In 2021, the U.S. Federal Bureau of Investigation (FBI) designated 61 shootings as active shooter incidents, according to the FBI’s Active Shooter Incidents in the United States in 2021 report. The FBI defines an active shooter as one or more individuals actively engaged in killing or attempting to kill people in a populated area.


In these incidents, 103 people were killed and 140 wounded, excluding the shooters. For the period 2017–2021, active shooter incident data reveals an upward trend. The number of active shooter incidents identified in 2021 represents a 52.5% increase from 2020 and a 96.8% increase from 2017. 


According to the Active Shooter Incidents in the United States in 2021 report, casualty counts are higher for 2021 (243) when compared with 2020 (164), indicating a 48% increase. The casualties in 2021 represent the third-highest total casualty count over the last five years (2017–2021). 2021 saw the highest number of deaths (103) since 2017, a 171.1% increase from 2020 and above the average (92.3) for 2017–2020. There was an 11.1% increase in people wounded (140) in 2021 compared with 2020 (126), but below the average (253) for the period 2017–2020. 


For 2021, the FBI observed an emerging trend involving roving active shooters, specifically, shooters who shoot in multiple locations, either in one day or in various locations over several days. 


The 61 incidents in 2021 were carried out by 61 shooters. Sixty shooters were male, and one was female. Individual shooters carried out all the incidents. The age range of the shooters was 12 years old to 67 years old. Two shooters wore body armor. Thirty shooters were apprehended by law enforcement, 14 shooters were killed by law enforcement, four shooters were killed by armed citizens, one shooter was killed in a vehicle accident during a law enforcement pursuit, 11 shooters committed suicide, and one shooter remains at large.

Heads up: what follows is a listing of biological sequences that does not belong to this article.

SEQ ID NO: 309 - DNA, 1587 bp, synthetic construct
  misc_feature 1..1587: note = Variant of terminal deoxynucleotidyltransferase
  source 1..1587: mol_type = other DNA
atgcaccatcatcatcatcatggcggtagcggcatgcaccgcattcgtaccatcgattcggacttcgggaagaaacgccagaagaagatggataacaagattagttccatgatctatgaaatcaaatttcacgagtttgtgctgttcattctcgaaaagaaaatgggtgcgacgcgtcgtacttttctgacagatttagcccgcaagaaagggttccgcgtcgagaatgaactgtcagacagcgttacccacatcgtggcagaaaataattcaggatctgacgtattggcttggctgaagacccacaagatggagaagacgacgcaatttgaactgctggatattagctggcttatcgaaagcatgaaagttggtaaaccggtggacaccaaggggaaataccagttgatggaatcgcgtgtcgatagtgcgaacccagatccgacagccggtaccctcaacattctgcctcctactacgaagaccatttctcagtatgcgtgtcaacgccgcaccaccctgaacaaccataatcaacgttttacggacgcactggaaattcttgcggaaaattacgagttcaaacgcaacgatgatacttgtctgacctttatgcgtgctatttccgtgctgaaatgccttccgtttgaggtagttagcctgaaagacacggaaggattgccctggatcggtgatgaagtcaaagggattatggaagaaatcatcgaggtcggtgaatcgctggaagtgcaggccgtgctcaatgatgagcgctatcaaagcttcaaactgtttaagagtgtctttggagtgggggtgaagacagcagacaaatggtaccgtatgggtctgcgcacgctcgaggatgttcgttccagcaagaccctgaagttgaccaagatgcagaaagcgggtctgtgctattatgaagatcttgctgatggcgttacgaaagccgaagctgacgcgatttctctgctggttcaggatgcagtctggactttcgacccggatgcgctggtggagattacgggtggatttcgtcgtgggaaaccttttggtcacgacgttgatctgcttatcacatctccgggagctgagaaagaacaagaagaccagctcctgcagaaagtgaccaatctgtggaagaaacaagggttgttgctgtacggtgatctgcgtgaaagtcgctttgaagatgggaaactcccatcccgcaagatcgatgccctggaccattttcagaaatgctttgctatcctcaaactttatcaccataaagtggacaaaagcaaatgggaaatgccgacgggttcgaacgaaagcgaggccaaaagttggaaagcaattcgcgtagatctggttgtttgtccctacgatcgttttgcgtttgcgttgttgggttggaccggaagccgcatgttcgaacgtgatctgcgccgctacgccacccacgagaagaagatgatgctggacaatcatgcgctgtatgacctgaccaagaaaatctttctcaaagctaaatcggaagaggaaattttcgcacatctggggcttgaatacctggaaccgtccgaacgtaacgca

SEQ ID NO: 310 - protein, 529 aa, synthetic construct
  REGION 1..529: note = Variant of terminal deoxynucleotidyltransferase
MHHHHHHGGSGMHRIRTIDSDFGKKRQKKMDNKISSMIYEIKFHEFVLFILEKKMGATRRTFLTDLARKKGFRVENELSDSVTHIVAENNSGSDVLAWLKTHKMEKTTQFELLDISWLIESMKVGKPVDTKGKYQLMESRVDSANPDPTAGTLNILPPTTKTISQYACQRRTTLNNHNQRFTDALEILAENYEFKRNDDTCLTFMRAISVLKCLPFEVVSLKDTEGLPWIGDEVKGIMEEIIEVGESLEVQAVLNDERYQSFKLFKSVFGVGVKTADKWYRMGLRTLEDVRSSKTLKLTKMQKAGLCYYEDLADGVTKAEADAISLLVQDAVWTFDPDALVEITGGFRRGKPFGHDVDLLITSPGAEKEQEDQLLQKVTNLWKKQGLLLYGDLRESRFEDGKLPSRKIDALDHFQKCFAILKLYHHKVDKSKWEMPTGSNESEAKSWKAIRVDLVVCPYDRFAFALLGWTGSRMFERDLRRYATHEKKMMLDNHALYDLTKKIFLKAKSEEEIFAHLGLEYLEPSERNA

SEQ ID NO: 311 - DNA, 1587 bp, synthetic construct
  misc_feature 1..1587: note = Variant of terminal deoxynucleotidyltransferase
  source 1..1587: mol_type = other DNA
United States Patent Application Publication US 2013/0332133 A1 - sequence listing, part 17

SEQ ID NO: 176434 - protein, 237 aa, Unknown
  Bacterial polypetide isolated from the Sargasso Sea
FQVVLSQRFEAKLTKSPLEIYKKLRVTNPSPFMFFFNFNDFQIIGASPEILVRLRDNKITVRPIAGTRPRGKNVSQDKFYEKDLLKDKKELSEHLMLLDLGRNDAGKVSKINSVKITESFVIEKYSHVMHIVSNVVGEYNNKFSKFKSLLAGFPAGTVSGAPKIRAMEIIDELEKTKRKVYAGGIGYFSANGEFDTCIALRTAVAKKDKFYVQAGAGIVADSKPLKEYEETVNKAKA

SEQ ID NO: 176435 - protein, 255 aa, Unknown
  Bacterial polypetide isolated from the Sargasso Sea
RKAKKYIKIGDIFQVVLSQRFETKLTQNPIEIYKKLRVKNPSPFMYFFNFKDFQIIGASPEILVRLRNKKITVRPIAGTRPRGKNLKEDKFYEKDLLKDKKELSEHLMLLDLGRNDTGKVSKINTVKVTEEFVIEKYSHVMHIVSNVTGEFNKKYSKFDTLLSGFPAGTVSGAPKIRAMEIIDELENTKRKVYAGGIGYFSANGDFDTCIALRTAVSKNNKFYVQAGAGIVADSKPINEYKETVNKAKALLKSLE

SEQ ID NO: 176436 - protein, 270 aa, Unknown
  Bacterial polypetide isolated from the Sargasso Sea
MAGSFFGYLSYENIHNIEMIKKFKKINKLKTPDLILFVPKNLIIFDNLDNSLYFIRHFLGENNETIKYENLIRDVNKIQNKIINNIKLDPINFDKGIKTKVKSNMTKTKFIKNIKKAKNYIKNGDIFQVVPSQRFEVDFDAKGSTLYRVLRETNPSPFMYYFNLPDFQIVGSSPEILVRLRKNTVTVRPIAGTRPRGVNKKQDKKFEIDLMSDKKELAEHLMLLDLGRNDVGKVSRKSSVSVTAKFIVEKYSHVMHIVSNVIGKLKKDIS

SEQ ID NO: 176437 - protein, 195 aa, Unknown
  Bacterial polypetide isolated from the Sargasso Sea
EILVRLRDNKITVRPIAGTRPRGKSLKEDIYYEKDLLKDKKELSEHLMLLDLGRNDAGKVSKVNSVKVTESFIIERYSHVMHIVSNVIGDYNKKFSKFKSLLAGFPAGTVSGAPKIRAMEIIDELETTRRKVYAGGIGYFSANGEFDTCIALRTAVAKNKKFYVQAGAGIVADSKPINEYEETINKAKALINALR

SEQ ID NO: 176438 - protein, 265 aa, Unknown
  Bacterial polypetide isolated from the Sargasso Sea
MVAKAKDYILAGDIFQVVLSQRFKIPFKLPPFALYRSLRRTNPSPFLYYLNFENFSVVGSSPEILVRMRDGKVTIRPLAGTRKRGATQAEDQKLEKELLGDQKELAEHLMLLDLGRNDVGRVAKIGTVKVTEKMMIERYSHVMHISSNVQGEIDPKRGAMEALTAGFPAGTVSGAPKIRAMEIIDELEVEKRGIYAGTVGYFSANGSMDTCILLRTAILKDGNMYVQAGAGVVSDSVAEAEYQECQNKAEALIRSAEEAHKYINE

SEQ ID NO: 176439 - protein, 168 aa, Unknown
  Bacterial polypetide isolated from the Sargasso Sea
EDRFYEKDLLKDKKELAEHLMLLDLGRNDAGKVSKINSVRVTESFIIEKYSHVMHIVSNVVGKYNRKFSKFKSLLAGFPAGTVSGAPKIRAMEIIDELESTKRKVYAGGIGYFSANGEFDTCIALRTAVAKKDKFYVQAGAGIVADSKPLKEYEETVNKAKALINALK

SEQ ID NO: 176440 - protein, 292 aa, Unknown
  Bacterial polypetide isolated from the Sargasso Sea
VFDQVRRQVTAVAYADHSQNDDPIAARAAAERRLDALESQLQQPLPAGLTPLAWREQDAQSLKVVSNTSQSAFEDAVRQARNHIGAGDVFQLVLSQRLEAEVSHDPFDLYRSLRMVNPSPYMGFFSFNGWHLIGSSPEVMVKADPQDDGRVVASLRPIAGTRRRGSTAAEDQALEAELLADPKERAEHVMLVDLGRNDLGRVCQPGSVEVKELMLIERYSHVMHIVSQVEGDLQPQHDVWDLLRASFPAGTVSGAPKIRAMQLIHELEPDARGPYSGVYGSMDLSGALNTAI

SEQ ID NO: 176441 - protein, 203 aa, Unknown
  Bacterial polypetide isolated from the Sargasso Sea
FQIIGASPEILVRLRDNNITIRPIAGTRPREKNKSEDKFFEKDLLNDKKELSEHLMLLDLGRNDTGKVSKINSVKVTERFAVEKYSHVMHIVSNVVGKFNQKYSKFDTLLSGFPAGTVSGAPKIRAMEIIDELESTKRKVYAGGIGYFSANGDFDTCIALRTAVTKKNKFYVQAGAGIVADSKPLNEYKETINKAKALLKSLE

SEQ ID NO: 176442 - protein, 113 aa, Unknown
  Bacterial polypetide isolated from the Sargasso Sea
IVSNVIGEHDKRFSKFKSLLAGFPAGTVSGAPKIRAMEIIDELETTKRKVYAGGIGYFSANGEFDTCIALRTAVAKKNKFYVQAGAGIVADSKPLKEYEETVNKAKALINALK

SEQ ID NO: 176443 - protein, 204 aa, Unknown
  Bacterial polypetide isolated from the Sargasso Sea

Commenting on the findings, former Assistant Secretary at the Department of Homeland Security Brian Harrell says, “There’s no doubt that society is becoming more violent every day. Would-be criminals and domestic terrorists will always use the path of least resistance, and often times soft targets and schools, are picked for this violence. While there will be calls for restricting guns, also at play here, is the fact that schools must invest in their campus security [to become] a ‘hard target.’ Administrators, teachers, students, and the law enforcement community must come together to embrace student security or predators will find a way into our most sacred places. With school security events increasing across the country, schools should devote attention to the full spectrum of school safety, which encompasses prevention, protection and mitigation, and response and recovery.”